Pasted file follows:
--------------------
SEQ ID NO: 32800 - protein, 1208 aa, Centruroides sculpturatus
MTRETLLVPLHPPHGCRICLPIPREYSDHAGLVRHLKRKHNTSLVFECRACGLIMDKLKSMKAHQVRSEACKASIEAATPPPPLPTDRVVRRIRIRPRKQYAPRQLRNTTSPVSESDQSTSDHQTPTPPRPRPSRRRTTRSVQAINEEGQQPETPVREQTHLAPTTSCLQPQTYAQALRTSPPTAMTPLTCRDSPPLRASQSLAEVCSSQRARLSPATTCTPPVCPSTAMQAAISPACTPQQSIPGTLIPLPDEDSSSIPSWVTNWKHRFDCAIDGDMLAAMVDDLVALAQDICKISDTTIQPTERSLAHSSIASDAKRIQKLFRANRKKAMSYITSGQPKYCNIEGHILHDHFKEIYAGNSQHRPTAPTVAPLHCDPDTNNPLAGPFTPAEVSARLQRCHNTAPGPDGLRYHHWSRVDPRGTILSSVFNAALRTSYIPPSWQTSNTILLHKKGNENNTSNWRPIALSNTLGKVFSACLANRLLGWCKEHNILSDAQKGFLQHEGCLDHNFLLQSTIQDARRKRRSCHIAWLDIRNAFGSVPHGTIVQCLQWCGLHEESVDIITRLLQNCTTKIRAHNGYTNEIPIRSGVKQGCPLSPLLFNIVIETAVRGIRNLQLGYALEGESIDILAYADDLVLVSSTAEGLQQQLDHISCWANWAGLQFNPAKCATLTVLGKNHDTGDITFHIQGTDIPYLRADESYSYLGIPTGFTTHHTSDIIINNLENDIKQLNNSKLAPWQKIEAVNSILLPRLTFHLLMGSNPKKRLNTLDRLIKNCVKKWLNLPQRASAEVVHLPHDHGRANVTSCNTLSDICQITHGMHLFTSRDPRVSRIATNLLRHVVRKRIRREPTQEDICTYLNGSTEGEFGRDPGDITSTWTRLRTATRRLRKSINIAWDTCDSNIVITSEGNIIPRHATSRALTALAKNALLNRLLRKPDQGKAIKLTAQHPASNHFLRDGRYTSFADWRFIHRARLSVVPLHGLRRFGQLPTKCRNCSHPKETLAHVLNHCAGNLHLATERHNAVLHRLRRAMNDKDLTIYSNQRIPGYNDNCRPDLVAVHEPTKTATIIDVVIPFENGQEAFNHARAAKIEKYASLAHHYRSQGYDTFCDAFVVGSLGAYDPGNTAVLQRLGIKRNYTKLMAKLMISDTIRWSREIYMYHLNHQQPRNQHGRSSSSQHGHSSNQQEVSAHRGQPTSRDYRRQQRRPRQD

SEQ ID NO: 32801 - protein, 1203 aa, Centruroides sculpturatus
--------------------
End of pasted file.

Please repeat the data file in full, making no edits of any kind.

SEQ ID NO: 32800 - protein, 1208 aa, Centruroides sculpturatus
MTRETLLVPLHPPHGCRICLPIPREYSDHAGLVRHLKRKHNTSLVFECRACGLIMDKLKSMKAHQVRSEACKASIEAATPPPPLPTDRVVRRIRIRPRKQYAPRQLRNTTSPVSESDQSTSDHQTPTPPRPRPSRRRTTRSVQAINEEGQQPETPVREQTHLAPTTSCLQPQTYAQALRTSPPTAMTPLTCRDSPPLRASQSLAEVCSSQRARLSPATTCTPPVCPSTAMQAAISPACTPQQSIPGTLIPLPDEDSSSIPSWVTNWKHRFDCAIDGDMLAAMVDDLVALAQDICKISDTTIQPTERSLAHSSIASDAKRIQKLFRANRKKAMSYITSGQPKYCNIEGHILHDHFKEIYAGNSQHRPTAPTVAPLHCDPDTNNPLAGPFTPAEVSARLQRCHNTAPGPDGLRYHHWSRVDPRGTILSSVFNAALRTSYIPPSWQTSNTILLHKKGNENNTSNWRPIALSNTLGKVFSACLANRLLGWCKEHNILSDAQKGFLQHEGCLDHNFLLQSTIQDARRKRRSCHIAWLDIRNAFGSVPHGTIVQCLQWCGLHEESVDIITRLLQNCTTKIRAHNGYTNEIPIRSGVKQGCPLSPLLFNIVIETAVRGIRNLQLGYALEGESIDILAYADDLVLVSSTAEGLQQQLDHISCWANWAGLQFNPAKCATLTVLGKNHDTGDITFHIQGTDIPYLRADESYSYLGIPTGFTTHHTSDIIINNLENDIKQLNNSKLAPWQKIEAVNSILLPRLTFHLLMGSNPKKRLNTLDRLIKNCVKKWLNLPQRASAEVVHLPHDHGRANVTSCNTLSDICQITHGMHLFTSRDPRVSRIATNLLRHVVRKRIRREPTQEDICTYLNGSTEGEFGRDPGDITSTWTRLRTATRRLRKSINIAWDTCDSNIVITSEGNIIPRHATSRALTALAKNALLNRLLRKPDQGKAIKLTAQHPASNHFLRDGRYTSFADWRFIHRARLSVVPLHGLRRFGQLPTKCRNCSHPKETLAHVLNHCAGNLHLATERHNAVLHRLRRAMNDKDLTIYSNQRIPGYNDNCRPDLVAVHEPTKTATIIDVVIPFENGQEAFNHARAAKIEKYASLAHHYRSQGYDTFCDAFVVGSLGAYDPGNTAVLQRLGIKRNYTKLMAKLMISDTIRWSREIYMYHLNHQQPRNQHGRSSSSQHGHSSNQQEVSAHRGQPTSRDYRRQQRRPRQD

SEQ ID NO: 32801 - protein, 1203 aa, Centruroides sculpturatus